Titus 1:16 says the following: “They profess to know God, but they deny him by their works.” Paul is here speaking about people who claim the name of Christ but whose deeds do not line up with the claim. The group in view was the “circumcision party,” a group of Jewish Christians who were attempting to add the requirement of circumcision for all who would be saved. The key here is that these people professed with their lips that they were following Christ but their actions were contrary to the law of Christ (Galatians 6:2). Over and over again in Scripture we are given the standard by which we are to examine ourselves and others. That standard is conformity to the law of God. In John 6, Jesus responded to the question put to Him: “What must we do, to be doing the works of God?” His answer was the penultimate answer, and it is the answer that comes before any other considerations. “Jesus answered them and said ‘This is the work of God, that you believe in him who he has sent.’” First and foremost, we must put our faith in Christ. As Paul writes in Ephesians 2, “For by grace you have been saved through faith. And this is not your own doing; it is the gift of God.” We are clearly not saved by our obedience to God’s law, but nowhere does this mean that we are not to obey God’s law once we have been saved.


Dear Professor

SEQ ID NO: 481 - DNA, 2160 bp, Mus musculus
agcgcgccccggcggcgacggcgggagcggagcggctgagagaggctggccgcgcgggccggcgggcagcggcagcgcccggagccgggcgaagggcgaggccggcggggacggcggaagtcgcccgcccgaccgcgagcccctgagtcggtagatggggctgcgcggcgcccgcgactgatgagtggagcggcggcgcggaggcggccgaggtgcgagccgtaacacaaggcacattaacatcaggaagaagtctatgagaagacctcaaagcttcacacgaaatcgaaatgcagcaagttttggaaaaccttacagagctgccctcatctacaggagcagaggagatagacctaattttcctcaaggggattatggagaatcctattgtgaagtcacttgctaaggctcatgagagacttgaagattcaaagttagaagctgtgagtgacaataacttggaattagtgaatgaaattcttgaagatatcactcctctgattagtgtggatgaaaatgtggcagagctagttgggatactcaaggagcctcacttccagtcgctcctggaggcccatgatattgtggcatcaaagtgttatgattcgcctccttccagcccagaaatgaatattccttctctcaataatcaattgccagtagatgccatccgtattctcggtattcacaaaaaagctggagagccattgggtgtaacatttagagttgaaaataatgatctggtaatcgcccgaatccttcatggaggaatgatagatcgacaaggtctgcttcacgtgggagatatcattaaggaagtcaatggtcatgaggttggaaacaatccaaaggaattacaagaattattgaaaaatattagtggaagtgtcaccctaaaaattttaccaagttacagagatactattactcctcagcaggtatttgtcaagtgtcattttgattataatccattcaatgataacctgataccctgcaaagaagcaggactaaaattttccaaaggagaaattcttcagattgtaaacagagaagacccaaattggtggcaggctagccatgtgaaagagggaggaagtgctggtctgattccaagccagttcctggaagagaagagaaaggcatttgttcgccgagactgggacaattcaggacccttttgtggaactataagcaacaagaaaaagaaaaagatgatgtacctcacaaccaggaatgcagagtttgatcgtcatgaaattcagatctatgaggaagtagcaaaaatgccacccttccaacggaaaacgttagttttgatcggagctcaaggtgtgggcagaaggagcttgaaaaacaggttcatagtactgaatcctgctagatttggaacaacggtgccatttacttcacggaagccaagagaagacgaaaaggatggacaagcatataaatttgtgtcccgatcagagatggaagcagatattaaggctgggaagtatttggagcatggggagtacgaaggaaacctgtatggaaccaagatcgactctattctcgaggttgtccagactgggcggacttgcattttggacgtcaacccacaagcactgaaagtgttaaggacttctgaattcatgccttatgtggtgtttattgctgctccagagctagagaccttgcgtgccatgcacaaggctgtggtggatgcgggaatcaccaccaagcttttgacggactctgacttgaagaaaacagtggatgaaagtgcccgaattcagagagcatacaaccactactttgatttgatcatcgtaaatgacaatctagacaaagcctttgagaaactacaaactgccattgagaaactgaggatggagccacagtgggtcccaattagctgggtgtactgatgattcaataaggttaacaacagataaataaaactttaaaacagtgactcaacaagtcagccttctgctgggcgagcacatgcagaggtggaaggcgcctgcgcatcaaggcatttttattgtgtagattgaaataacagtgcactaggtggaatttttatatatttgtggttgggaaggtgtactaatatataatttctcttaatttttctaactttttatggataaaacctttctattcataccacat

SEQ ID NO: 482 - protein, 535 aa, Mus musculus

Dear professing Christian, ask yourself this. Did Christ save me and adopt me as a son or daughter so that I could live apart from His family? Did Christ save me so that I could continue in the works of the flesh? Did Christ suffer and die at the hands of sinful men and under the wrath of God the Father so that I could continue living in sin? To this I give the answer that Paul gives in Romans 6:1, God forbid! On the other hand, did Christ die to redeem me out of the world and free me from the penalty of sin, while freeing me to obey his law with all my heart? Did he cause us to be born again to a Living Hope and give us a heart of flesh that is capable of truly loving Him? Absolutely!

     Very likely, the first creed of the Church was the simple phrase “Jesus is Lord.” This was a contrast to the earthly claims of lordship made by political leaders. A lord is someone who has, and exercises, his authority over his domain. God has put all things under the Lordship of Christ (Matthew 28:18). This means that the only One who has the right to dictate how we think and act is Christ. If we claim Him as Lord but deny Him this authority, we are deceived.

     So, what on earth does this have to do with church buildings and church attendance? If our Lord commands us to be in regular fellowship with other believers, to sit under the teaching of His Word by qualified elders, and to partake in the Lord’s Supper, we must submit. Questions like, “What will I get out of it?” are irrelevant and betray our true motives. I truly believe that the benefits of church attendance and membership are manifold; but our motivation should be first and foremost to please our Lord. The benefits come afterwards and they are the fruit of obedience. Dear professor, will you bear fruit?

“For the grace of God has appeared, bringing salvation for all people, training us to renounce ungodliness and worldly passions, and to live self-controlled, upright, and godly lives in the present age, waiting for our blessed hope, the appearing of the glory of our great God and Savior Jesus Christ, who gave himself for us to redeem us from all lawlessness and to purify for himself a people for his own possession who are zealous for good works.” (Titus 2:11-14)